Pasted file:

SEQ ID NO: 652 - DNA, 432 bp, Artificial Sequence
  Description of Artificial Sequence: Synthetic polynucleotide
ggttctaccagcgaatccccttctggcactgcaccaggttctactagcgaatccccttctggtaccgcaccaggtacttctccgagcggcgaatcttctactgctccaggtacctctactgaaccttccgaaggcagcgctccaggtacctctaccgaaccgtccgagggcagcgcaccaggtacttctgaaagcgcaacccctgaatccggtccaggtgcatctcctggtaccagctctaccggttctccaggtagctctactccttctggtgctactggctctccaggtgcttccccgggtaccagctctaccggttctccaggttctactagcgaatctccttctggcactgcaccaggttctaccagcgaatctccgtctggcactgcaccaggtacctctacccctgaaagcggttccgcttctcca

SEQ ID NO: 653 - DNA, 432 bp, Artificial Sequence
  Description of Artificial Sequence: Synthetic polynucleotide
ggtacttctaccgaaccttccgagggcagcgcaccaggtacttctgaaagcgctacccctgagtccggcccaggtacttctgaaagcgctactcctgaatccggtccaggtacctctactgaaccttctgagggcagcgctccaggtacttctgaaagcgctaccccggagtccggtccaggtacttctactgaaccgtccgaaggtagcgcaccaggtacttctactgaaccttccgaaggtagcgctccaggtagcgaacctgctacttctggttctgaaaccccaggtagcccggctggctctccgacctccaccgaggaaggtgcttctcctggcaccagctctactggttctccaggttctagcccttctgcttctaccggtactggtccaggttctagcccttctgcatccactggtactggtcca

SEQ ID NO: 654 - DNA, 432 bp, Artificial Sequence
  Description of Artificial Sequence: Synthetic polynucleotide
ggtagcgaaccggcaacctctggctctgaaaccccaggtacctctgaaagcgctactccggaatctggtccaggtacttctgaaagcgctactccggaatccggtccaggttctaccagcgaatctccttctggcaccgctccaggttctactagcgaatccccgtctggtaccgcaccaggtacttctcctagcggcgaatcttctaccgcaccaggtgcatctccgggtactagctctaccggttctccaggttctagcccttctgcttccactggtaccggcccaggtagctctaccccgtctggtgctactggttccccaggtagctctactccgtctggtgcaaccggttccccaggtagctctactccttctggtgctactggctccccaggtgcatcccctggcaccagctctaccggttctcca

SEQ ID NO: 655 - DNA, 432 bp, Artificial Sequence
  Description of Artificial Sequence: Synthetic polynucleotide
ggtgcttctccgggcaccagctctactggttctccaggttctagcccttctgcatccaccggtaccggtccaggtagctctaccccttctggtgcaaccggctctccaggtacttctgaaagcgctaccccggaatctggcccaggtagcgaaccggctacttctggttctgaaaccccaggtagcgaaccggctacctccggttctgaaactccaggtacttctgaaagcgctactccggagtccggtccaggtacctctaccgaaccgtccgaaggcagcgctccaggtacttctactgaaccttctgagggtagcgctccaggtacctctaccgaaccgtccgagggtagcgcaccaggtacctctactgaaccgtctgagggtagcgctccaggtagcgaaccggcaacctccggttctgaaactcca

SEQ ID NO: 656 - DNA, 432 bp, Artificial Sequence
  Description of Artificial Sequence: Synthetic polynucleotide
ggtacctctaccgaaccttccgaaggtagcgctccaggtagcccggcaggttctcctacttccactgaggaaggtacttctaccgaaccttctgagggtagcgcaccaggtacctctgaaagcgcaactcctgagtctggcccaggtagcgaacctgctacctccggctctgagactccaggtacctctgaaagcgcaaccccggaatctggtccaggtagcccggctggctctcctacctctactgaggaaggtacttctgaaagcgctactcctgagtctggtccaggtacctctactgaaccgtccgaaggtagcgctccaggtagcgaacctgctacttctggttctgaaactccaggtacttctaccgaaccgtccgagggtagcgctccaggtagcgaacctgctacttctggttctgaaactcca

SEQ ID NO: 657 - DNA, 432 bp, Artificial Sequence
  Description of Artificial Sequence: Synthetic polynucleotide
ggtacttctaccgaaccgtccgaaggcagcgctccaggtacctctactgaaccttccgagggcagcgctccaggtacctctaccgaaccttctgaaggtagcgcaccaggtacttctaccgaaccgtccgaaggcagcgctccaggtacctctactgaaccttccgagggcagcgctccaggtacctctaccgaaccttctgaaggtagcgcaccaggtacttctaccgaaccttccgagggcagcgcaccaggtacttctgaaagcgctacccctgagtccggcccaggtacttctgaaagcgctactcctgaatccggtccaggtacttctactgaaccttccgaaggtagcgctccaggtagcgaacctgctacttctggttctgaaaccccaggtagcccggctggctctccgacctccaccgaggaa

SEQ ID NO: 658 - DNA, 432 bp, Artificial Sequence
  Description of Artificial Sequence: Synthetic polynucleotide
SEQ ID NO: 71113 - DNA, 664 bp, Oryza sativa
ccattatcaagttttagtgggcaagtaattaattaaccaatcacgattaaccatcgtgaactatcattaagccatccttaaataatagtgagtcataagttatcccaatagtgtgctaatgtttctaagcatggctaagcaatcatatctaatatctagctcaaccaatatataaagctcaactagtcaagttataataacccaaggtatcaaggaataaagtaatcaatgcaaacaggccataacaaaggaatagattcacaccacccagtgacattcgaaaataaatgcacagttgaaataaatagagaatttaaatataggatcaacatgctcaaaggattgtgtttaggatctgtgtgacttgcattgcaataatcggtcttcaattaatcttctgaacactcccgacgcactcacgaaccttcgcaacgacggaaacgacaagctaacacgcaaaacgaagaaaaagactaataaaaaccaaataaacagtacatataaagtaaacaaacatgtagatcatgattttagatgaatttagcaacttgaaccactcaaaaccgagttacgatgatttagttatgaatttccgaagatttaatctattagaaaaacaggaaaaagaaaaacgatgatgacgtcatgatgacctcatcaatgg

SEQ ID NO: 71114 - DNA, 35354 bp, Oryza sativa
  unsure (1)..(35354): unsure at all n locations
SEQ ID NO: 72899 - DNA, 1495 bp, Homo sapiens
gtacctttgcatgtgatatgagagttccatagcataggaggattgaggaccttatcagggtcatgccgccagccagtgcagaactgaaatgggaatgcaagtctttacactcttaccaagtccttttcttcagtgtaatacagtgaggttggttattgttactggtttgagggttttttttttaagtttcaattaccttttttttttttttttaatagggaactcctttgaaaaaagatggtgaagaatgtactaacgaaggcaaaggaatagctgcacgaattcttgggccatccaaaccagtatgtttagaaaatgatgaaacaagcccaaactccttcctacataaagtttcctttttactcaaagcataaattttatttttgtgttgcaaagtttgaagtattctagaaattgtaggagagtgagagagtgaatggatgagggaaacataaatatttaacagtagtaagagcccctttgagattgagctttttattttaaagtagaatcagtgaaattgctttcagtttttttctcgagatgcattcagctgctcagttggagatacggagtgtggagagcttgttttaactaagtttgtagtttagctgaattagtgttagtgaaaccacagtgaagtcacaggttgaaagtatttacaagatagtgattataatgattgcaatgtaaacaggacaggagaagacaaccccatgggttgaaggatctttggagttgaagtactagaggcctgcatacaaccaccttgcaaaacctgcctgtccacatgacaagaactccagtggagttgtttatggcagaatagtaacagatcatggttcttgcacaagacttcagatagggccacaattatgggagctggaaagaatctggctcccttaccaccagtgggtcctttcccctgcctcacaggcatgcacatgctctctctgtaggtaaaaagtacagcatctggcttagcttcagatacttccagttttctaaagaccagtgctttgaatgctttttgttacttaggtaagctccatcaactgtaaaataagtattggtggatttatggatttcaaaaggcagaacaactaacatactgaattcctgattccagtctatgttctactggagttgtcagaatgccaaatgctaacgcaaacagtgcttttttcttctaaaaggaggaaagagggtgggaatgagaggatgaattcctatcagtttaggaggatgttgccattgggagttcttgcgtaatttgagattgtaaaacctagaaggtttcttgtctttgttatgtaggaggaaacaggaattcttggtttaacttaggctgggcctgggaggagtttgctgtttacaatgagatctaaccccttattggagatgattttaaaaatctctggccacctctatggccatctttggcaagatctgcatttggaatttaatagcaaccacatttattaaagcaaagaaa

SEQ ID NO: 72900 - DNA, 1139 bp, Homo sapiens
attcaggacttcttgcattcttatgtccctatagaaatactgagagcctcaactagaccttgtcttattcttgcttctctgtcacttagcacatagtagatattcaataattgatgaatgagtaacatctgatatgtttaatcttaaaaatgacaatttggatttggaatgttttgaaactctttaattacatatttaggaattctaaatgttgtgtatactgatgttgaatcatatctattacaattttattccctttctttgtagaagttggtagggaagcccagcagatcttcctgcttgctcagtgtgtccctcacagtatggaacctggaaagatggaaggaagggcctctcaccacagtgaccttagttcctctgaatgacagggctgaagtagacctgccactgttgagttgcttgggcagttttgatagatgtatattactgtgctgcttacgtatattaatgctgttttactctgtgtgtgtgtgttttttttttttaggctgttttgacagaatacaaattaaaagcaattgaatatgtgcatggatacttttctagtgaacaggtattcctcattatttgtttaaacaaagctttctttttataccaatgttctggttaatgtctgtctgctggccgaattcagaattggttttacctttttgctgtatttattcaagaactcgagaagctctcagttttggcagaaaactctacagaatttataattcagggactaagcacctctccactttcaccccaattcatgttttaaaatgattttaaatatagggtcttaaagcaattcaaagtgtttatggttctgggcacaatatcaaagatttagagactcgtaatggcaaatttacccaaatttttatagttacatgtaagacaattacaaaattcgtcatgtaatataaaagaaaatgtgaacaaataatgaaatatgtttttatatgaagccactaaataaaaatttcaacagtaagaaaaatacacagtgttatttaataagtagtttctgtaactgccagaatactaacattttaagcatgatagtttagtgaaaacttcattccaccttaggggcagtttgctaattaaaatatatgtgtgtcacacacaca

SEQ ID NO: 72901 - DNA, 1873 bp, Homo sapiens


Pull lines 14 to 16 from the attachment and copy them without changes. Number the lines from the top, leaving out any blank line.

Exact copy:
  Description of Artificial Sequence: Synthetic polynucleotide
ggtacctctaccgaaccttccgaaggtagcgctccaggtagcccggcaggttctcctacttccactgaggaaggtacttctaccgaaccttctgagggtagcgcaccaggtacctctgaaagcgcaactcctgagtctggcccaggtagcgaacctgctacctccggctctgagactccaggtacctctgaaagcgcaaccccggaatctggtccaggtagcccggctggctctcctacctctactgaggaaggtacttctgaaagcgctactcctgagtctggtccaggtacctctactgaaccgtccgaaggtagcgctccaggtagcgaacctgctacttctggttctgaaactccaggtacttctaccgaaccgtccgagggtagcgctccaggtagcgaacctgctacttctggttctgaaactcca

SEQ ID NO: 657 - DNA, 432 bp, Artificial Sequence